figure 4 it is quite evident that the various dividing lines in all the three scenarios can be obtained by merely adjusting the slope of a single line. For training purposes we would require data which is tabulated and visualised as follows:
The training data consists of two examples with their width and length given in centimetres.
- Since we aim to find a line that can correctly classify any unknown bug into caterpillars or ladybirds; we can start by plotting a random line. The line can be represented by the equation:
y and x denote the length and width of bugs respectively, and A represents the slope of the line.
Let us assume A to be 0.25(random guess), so the equation of the line becomes Y = 0.25x. Plotting the line:
This isn’t a good classifier as it is unable to classify the bugs. The next obvious step for us would be to increase the slope of the line, but instead of choosing slopes randomly we will devise a way to update the slope/parameter A so that our model can learn from the errors.
- Learning with the first example
If we tested the y = Ax function with this example where x is 3.0, we’d get
1) Here y corresponds to length of the bug while x is the width.
2)Here A is set to the random value of 0.25 as discussed above
3) x = 3.0, from the training data of first example
The calculated value of y is much less than the actual value which is 1. Let’s think what should be the value of y if not 0.75.
- If y were equal to 1, it would mean the classifier line would pass through the point where the ladybird sits at ( x,y ) = (3.0, 1.0). We don’t want that. We want the line to go above that point. Why? Because we want all the ladybird points to be below the line, not on it since the line needs to be a divider line.
- So let us nudge a little above 1 and choose y = 1.1, when x = 3.0 and calculate error.
error = (desired target - actual output)
E = 1.1 − 0.75 = 0.35
A visual representation will help us better understand these facts:
The important and an obvious question here is that how is this error value helping us to refine the slope of the line/parameter A. It will become clear in the following section.
We know, the linear function of a classifier is given by the equation:
Let’s call the correct output value to be ‘t’(t stands for target value). To get that value t, we need to adjust A by a small amount.
New slope is given by:
Remember the error E was the difference between the the correct value and the one we calculated based on our current guess for A. That is,
Combining all the equations and solving for the parameter A:
That is it. We have found the relationship between the error term and the parameter A. We can use the error E to refine the slope A of the classifying line by an amount δA. This is precisely what we wanted to know, i.e. how much to adjust A by to improve the slope of the line, so it is a better classifier, being informed by the error E.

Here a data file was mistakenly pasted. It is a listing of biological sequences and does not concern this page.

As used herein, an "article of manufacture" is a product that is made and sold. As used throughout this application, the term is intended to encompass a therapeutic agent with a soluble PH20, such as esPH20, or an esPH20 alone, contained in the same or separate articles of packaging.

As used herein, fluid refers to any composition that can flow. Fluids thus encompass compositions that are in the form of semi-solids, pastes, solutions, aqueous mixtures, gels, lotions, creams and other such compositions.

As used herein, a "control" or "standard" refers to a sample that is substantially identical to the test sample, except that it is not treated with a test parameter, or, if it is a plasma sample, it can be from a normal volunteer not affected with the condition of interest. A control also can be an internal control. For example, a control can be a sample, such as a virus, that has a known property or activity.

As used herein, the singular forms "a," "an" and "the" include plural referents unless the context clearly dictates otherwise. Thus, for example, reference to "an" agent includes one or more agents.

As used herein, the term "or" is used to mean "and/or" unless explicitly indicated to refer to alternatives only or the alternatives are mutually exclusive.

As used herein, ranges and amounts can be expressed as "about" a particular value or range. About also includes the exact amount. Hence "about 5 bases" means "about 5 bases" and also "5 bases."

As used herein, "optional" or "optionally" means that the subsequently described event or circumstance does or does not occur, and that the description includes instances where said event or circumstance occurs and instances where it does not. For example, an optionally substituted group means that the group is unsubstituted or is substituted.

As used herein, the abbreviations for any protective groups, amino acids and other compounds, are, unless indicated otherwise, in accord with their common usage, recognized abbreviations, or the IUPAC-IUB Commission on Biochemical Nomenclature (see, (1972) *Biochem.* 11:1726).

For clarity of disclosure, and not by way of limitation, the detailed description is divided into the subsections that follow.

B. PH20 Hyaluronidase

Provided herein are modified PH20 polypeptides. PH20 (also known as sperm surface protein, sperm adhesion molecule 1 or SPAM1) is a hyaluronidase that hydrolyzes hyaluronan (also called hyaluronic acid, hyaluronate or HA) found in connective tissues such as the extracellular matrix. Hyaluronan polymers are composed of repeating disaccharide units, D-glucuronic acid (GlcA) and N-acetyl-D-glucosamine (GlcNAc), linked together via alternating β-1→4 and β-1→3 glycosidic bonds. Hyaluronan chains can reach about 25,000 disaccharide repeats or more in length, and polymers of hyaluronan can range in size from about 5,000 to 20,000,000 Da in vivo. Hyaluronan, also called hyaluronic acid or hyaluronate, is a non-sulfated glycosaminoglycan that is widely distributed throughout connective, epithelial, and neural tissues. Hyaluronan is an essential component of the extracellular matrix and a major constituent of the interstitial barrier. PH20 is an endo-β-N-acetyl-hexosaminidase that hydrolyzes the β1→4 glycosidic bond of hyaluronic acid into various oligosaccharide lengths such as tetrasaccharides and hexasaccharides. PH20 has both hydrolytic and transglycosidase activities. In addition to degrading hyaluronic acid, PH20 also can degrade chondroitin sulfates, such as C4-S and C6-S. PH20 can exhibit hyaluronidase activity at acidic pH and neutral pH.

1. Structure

Going back to the example and plugging in the values in the formula, we get:
This means we need to change the current A = 0.25 by 0.1167 and the new improved value for A is ( A + δ A ) which is 0.25 + 0.1167 = 0.3667. As it happens, the calculated value of y with this new A is 1.1 and as you’d expect it’s the desired target value.
Finally, with all these calculations, we have a method for refining the parameter A, informed by the current error and thereby helping us to decide the slope of the line.
Simplifying a Multiple Classifier
A neural network is made of many classifiers working together. Even though a simple classifier is quite useful, it does not provide a solution in all the cases.
Limits of a Simple Classifier
We shall study limits of simple classifiers with the help of Boolean functions. Boolean logical functions typically take in two inputs and produce a single output. A typical Boolean logic function can be represented as:
Logical AND and OR
- The AND function is only true if both A and B are true
- The OR is true whenever any of the inputs A or B is true
The Logical functions can also be represented in the form of a graph with the two inputs A and B as coordinates on a graph. True outputs are shown in green while False are shown in red.
We can even draw a straight line which acts as a linear classifier seamlessly dividing red area from the green one. There are many variations of this dividing line that would work just as well, but the main point is that it is indeed possible for a simple linear classifier of the form y = ax + b to learn the Boolean AND/OR function.
XOR stands for eXclusive OR, which only has a true output if either one of the inputs A or B is true, but not both.
Drawing the same plot as above with inputs as coordinates, we obtain a plot as below:
There seems to be a problem since we are not able to separate the green region from the red one with a single linear line. In fact, there appears to be no single straight line that can achieve this task. Thus, a simple linear classifier can’t learn the Boolean XOR if presented with training data that was governed by the XOR function. This appears to be a significant drawback of linear classifiers, and they become redundant if the underlying problem is not separable by a straight line.
What’s the Fix?
Not all problems are linear. So how do we solve such problems? If in the above plot, instead of a single straight line, we use two straight lines, it seems to fulfil our purpose. This is like multiple classifiers working together, and this also forms the underlying principle on which neural networks are based.
Simplifying a Neural Network
Neural networks are nothing but many classifiers working together. But, before discussing that, let us learn a bit or two about animal brains which inspired the neural network approach.
Neurons — The building blocks of a neural network
It has been found that neurons transmit electrical signals from one end to another, through dendrites along the axons to terminals. The signal travels through various neurons, and this is how our body senses light, sound, pain etc. Signals are transferred from sensory neurons along the nervous system to our brains for it to elicit the desired response.
Working of a neuron
A neuron takes in an electrical input and transmits another electrical input mimicking exactly how a classifier/predictor works. However, neurons cannot be represented as linear functions. This is simply because a neuron doesn’t produce an output that is a linear function of the input unlike simple classifiers or predictors which follow the equation: output = (constant * input) + ( another constant).